Monday, February 21, 2022

Childhood IS Terrifying

While this website might have been born out of a passion for killer doll-based horror, I think I'm finally ready to accept that thirteen years into this blogging thing, homicidal children just might have clawed their way to the top of my heart, likely by slicing some porcelain achilles heels with tiny kid-sized scalpels. Whether it was Esther the Orphan's perfect curls or the Bloody Birthday trio's wacky antics, somewhere over the last decade, I've come to crave more monster youths than possessed toys.

Granted, part of that might be due to the requirements of both subgenres: anyone can shake a plaything around and call it a villain, but coaxing an actual performance out of a young actor is generally a far more challenging feat.

Now don't worry: as is tradition, we will indeed have ONE killer doll movie during February's Shortening. But today, today is for the kids.

Quick Plot: In 1957 suburban Australia, Celia Carmichael (the incredible Rebecca Smart) starts her ninth birthday with a batch of life-changing events: the death of her beloved, Communist-sympathizing grandmother, the arrival of the Tanners next door, and finally, the gift of her chunky pet rabbit Murgatroyd. 

If you're thinking "none of that sounds very horror genre-related", you'd be right, so let's address the elephant in the outback first: though she may rock perfect Rhoda Penmark braids, Celia is no bad seed. Much like Paperhouse (a movie that tonally feels very close), Celia is more whimsical childhood drama than horror, lightly filled with some fantastical elements tied to our title character's favorite, incredibly disturbing fairy tale. Shudder isn't really the natural place for this to stream, but you know what? I'm not complaining.

Long out of print (seemingly like most of writer/director Ann Turner's work), Celia is a special, special little film that deeply understands and achingly translates what it means to grow up. Honestly, that IS terrifying.

Celia is a sensitive, assertive kid, much to the chagrin of her bullish dad and subservient mom. She's instantly drawn to the warmth of Alice Tanner, the matriarch of her more liberal neighbors, whose own Communist ties sit poorly with Mr. Carmichael (though Alice's pretty face certainly doesn't). Between Australia's red scare and pet rabbit persecution, all the things that seem to bring Celia joy are threatened at once. It's heartbreaking.

So Celia copes with her fantasies. There's the recurring dreams of the dreaded Hobyah, goblin-like creatures lifted from Celia's favorite schoolbook (and yes, as the great documentary Woodlands Dark & Days Bewitched suggests, The Babadook definitely took note). An abandoned, terribly unsafe rock quarry becomes a playground for Celia and the Tanner kids, occasionally invaded by her snotty cousin with dire consequences. Celia deals with such slights the way many a spirited child might: by setting ritualistic bonfires and burning effigies of her enemies with the hopes that it will translate to real-world payback.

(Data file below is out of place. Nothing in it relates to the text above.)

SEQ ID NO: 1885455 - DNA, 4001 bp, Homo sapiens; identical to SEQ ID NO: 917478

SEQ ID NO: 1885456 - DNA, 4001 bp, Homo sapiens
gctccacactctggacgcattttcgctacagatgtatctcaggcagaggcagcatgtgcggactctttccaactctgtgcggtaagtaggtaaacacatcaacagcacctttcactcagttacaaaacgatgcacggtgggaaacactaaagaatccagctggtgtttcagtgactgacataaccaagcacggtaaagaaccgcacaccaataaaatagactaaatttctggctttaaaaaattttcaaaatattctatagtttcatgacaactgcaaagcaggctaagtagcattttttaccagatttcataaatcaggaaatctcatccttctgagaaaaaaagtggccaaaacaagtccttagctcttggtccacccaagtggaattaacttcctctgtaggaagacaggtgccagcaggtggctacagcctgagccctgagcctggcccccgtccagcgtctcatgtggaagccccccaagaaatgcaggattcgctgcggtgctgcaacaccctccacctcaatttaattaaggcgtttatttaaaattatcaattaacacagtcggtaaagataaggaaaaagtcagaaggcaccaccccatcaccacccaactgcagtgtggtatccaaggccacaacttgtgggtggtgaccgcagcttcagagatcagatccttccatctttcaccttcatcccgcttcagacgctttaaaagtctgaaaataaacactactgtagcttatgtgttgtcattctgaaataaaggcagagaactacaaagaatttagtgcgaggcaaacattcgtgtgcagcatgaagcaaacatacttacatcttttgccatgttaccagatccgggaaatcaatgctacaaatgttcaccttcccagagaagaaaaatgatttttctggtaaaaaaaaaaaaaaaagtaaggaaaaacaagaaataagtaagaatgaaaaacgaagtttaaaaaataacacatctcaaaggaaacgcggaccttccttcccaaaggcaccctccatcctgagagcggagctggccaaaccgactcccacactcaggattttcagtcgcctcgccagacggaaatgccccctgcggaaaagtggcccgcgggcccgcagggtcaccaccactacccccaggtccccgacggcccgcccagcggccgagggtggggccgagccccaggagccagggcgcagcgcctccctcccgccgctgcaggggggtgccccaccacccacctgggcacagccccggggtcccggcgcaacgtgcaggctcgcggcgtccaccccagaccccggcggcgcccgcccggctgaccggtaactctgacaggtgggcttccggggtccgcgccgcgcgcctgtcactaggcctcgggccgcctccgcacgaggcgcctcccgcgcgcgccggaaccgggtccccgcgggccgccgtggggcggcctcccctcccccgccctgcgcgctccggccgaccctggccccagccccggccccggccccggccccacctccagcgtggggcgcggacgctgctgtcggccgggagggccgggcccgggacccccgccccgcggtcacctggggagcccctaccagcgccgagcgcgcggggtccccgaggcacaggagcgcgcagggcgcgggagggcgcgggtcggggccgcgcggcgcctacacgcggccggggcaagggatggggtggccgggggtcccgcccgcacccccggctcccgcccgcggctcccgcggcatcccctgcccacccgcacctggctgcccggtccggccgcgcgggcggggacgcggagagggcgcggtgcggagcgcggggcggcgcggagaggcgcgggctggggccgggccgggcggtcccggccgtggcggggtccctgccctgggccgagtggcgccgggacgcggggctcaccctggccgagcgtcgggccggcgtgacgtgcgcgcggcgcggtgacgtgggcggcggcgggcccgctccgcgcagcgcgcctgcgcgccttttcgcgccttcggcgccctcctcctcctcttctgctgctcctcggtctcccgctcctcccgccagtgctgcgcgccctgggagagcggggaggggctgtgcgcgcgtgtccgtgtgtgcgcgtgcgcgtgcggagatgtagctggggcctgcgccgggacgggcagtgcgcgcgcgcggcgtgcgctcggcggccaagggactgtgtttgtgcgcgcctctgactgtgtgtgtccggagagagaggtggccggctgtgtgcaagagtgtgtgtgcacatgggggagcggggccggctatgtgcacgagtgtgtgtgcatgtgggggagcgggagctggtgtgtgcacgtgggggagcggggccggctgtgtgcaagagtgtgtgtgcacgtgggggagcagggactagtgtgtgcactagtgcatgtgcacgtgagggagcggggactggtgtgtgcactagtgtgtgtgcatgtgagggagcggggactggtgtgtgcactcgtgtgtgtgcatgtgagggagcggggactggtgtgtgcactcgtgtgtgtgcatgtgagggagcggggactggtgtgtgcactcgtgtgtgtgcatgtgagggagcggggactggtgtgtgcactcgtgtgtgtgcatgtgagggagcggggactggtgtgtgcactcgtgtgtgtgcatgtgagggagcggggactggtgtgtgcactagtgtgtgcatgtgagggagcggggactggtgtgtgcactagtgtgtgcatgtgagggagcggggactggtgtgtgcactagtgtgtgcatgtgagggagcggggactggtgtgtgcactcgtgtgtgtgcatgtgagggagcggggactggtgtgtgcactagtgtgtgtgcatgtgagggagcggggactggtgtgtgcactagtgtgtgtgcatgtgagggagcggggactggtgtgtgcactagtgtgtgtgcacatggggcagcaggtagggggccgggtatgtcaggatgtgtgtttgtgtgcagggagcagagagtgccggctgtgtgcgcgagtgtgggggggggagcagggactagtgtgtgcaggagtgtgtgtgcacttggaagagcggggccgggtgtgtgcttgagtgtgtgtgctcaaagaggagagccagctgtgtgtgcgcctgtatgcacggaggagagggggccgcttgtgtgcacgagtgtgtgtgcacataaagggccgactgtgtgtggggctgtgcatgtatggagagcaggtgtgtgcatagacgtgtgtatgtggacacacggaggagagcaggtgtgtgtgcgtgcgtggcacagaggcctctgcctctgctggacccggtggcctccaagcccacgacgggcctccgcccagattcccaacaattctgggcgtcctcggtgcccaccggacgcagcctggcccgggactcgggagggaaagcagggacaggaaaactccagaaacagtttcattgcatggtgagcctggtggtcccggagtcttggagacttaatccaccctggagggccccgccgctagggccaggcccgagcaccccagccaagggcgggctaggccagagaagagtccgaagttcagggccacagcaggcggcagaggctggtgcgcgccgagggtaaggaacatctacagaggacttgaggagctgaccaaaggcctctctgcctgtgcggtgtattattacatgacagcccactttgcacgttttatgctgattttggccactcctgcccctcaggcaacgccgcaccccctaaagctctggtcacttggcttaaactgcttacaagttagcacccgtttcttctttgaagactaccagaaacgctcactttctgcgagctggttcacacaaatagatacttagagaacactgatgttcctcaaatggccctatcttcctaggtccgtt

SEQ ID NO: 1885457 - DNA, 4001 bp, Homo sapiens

And eventually, it does.

I won't spoil Celia, which, despite being a fairly free-wielding character study, does indeed throw us a twist in the fifth act. But yes, at a certain point, something very big happens, and I suppose it can technically nudge Celia into the genre category (particularly with the VERY final scene, that almost reads like the preface to a glorious queen bee origin story). Celia is apparently often compared to The 400 Blows in how it taps into a child's perspective, but my mind went straight to the champion of the 2020 Shortening: Poison for the Fairies. Both films understand that to be a little girl means feeling in a very big way, that the world is as scary as it is exciting, and everything that threatens what you love is a danger the bravest must face head-on. 

High Points
There's so much to love about Celia, but an area that really elevates the film is the nuance that Turner brings to Celia's parents. Yes, her father is a brutish jerk, but he does indeed love his daughter (even if, like so many fathers, he'll never understand her). 

Low Points
I'm going back and forth on the rather shocking plot twist towards the very end, and while it sits better with time, I still think it doesn't quite get the room to breathe that it probably needs

Lessons Learned
In a world before ergonomic Jansports, the baby boomer generation of Australia likely experienced early onset back problems

Animals In Peril Alert
Bad things happen to adorable bunny rabbits and kids have to deal with the outcome and I'm saying this now so you're well-prepared because IT'S TERRIBLY UPSETTING AND YOU'VE BEEN WARNED

Rabbit funerals aside, Celia is a gem of a film. It's by no means an easy watch (nor really a genre film) but it's so worth the effort when you're ready for a heavy dose of powerful childhood anxiety. 

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